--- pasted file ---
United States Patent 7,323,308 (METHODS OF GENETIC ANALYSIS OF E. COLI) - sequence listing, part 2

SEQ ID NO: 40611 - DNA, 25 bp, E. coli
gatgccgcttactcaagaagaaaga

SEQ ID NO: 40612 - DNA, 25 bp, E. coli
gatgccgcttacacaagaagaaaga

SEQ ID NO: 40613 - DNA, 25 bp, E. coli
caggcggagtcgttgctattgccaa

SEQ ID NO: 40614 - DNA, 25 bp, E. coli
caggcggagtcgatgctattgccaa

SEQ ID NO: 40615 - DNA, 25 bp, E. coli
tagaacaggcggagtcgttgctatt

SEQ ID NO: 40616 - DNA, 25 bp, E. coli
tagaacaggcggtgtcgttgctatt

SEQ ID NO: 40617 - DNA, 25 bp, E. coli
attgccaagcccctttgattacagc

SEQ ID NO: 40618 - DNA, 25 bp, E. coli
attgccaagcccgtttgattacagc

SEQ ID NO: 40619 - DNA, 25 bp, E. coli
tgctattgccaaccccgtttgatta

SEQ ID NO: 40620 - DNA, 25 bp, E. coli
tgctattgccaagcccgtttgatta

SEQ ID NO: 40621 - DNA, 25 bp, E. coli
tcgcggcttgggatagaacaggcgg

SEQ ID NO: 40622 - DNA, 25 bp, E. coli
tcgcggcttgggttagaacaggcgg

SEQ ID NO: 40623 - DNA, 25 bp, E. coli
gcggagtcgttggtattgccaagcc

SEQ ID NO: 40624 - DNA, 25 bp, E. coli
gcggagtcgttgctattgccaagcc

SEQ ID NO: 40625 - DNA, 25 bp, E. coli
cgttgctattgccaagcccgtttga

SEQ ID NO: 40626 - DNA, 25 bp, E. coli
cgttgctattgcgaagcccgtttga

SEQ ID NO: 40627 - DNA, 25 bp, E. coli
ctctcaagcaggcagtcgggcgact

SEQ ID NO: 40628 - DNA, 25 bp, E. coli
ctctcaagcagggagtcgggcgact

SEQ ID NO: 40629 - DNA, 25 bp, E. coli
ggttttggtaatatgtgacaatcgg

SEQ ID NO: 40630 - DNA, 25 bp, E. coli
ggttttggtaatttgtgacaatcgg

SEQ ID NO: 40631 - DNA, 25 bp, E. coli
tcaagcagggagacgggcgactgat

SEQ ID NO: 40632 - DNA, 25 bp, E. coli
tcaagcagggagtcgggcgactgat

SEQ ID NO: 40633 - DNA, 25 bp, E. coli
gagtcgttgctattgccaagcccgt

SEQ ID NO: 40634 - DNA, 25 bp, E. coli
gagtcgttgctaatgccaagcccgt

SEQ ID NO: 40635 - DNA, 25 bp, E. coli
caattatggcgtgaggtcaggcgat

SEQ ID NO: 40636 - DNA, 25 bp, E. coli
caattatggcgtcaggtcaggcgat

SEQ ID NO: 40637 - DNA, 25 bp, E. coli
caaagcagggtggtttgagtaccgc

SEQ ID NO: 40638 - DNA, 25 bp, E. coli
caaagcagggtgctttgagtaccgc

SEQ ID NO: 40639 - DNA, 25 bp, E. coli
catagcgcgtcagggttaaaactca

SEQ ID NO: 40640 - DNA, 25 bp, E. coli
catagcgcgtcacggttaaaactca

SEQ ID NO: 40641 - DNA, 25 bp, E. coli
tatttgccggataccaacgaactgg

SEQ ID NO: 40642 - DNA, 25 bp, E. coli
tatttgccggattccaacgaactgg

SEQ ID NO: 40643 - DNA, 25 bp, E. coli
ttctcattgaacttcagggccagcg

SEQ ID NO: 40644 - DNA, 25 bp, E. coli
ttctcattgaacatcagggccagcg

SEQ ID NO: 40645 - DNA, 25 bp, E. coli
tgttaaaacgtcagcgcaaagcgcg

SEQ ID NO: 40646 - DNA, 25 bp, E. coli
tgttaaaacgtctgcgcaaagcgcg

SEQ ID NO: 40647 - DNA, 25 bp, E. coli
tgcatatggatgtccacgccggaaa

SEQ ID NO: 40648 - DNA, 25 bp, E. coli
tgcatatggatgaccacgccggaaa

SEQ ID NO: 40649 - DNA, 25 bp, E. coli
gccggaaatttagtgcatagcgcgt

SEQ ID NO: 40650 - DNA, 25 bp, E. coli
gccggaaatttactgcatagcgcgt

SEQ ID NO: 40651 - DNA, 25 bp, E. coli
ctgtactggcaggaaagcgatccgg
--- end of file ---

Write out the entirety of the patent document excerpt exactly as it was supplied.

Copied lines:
United States Patent 7,323,308 (METHODS OF GENETIC ANALYSIS OF E. COLI) - sequence listing, part 2

SEQ ID NO: 40611 - DNA, 25 bp, E. coli
gatgccgcttactcaagaagaaaga

SEQ ID NO: 40612 - DNA, 25 bp, E. coli
gatgccgcttacacaagaagaaaga

SEQ ID NO: 40613 - DNA, 25 bp, E. coli
caggcggagtcgttgctattgccaa

SEQ ID NO: 40614 - DNA, 25 bp, E. coli
caggcggagtcgatgctattgccaa

SEQ ID NO: 40615 - DNA, 25 bp, E. coli
tagaacaggcggagtcgttgctatt

SEQ ID NO: 40616 - DNA, 25 bp, E. coli
tagaacaggcggtgtcgttgctatt

SEQ ID NO: 40617 - DNA, 25 bp, E. coli
attgccaagcccctttgattacagc

SEQ ID NO: 40618 - DNA, 25 bp, E. coli
attgccaagcccgtttgattacagc

SEQ ID NO: 40619 - DNA, 25 bp, E. coli
tgctattgccaaccccgtttgatta

SEQ ID NO: 40620 - DNA, 25 bp, E. coli
tgctattgccaagcccgtttgatta

SEQ ID NO: 40621 - DNA, 25 bp, E. coli
tcgcggcttgggatagaacaggcgg

SEQ ID NO: 40622 - DNA, 25 bp, E. coli
tcgcggcttgggttagaacaggcgg

SEQ ID NO: 40623 - DNA, 25 bp, E. coli
gcggagtcgttggtattgccaagcc

SEQ ID NO: 40624 - DNA, 25 bp, E. coli
gcggagtcgttgctattgccaagcc

SEQ ID NO: 40625 - DNA, 25 bp, E. coli
cgttgctattgccaagcccgtttga

SEQ ID NO: 40626 - DNA, 25 bp, E. coli
cgttgctattgcgaagcccgtttga

SEQ ID NO: 40627 - DNA, 25 bp, E. coli
ctctcaagcaggcagtcgggcgact

SEQ ID NO: 40628 - DNA, 25 bp, E. coli
ctctcaagcagggagtcgggcgact

SEQ ID NO: 40629 - DNA, 25 bp, E. coli
ggttttggtaatatgtgacaatcgg

SEQ ID NO: 40630 - DNA, 25 bp, E. coli
ggttttggtaatttgtgacaatcgg

SEQ ID NO: 40631 - DNA, 25 bp, E. coli
tcaagcagggagacgggcgactgat

SEQ ID NO: 40632 - DNA, 25 bp, E. coli
tcaagcagggagtcgggcgactgat

SEQ ID NO: 40633 - DNA, 25 bp, E. coli
gagtcgttgctattgccaagcccgt

SEQ ID NO: 40634 - DNA, 25 bp, E. coli
gagtcgttgctaatgccaagcccgt

SEQ ID NO: 40635 - DNA, 25 bp, E. coli
caattatggcgtgaggtcaggcgat

SEQ ID NO: 40636 - DNA, 25 bp, E. coli
caattatggcgtcaggtcaggcgat

SEQ ID NO: 40637 - DNA, 25 bp, E. coli
caaagcagggtggtttgagtaccgc

SEQ ID NO: 40638 - DNA, 25 bp, E. coli
caaagcagggtgctttgagtaccgc

SEQ ID NO: 40639 - DNA, 25 bp, E. coli
catagcgcgtcagggttaaaactca

SEQ ID NO: 40640 - DNA, 25 bp, E. coli
catagcgcgtcacggttaaaactca

SEQ ID NO: 40641 - DNA, 25 bp, E. coli
tatttgccggataccaacgaactgg

SEQ ID NO: 40642 - DNA, 25 bp, E. coli
tatttgccggattccaacgaactgg

SEQ ID NO: 40643 - DNA, 25 bp, E. coli
ttctcattgaacttcagggccagcg

SEQ ID NO: 40644 - DNA, 25 bp, E. coli
ttctcattgaacatcagggccagcg

SEQ ID NO: 40645 - DNA, 25 bp, E. coli
tgttaaaacgtcagcgcaaagcgcg

SEQ ID NO: 40646 - DNA, 25 bp, E. coli
tgttaaaacgtctgcgcaaagcgcg

SEQ ID NO: 40647 - DNA, 25 bp, E. coli
tgcatatggatgtccacgccggaaa

SEQ ID NO: 40648 - DNA, 25 bp, E. coli
tgcatatggatgaccacgccggaaa

SEQ ID NO: 40649 - DNA, 25 bp, E. coli
gccggaaatttagtgcatagcgcgt

SEQ ID NO: 40650 - DNA, 25 bp, E. coli
gccggaaatttactgcatagcgcgt

SEQ ID NO: 40651 - DNA, 25 bp, E. coli
ctgtactggcaggaaagcgatccgg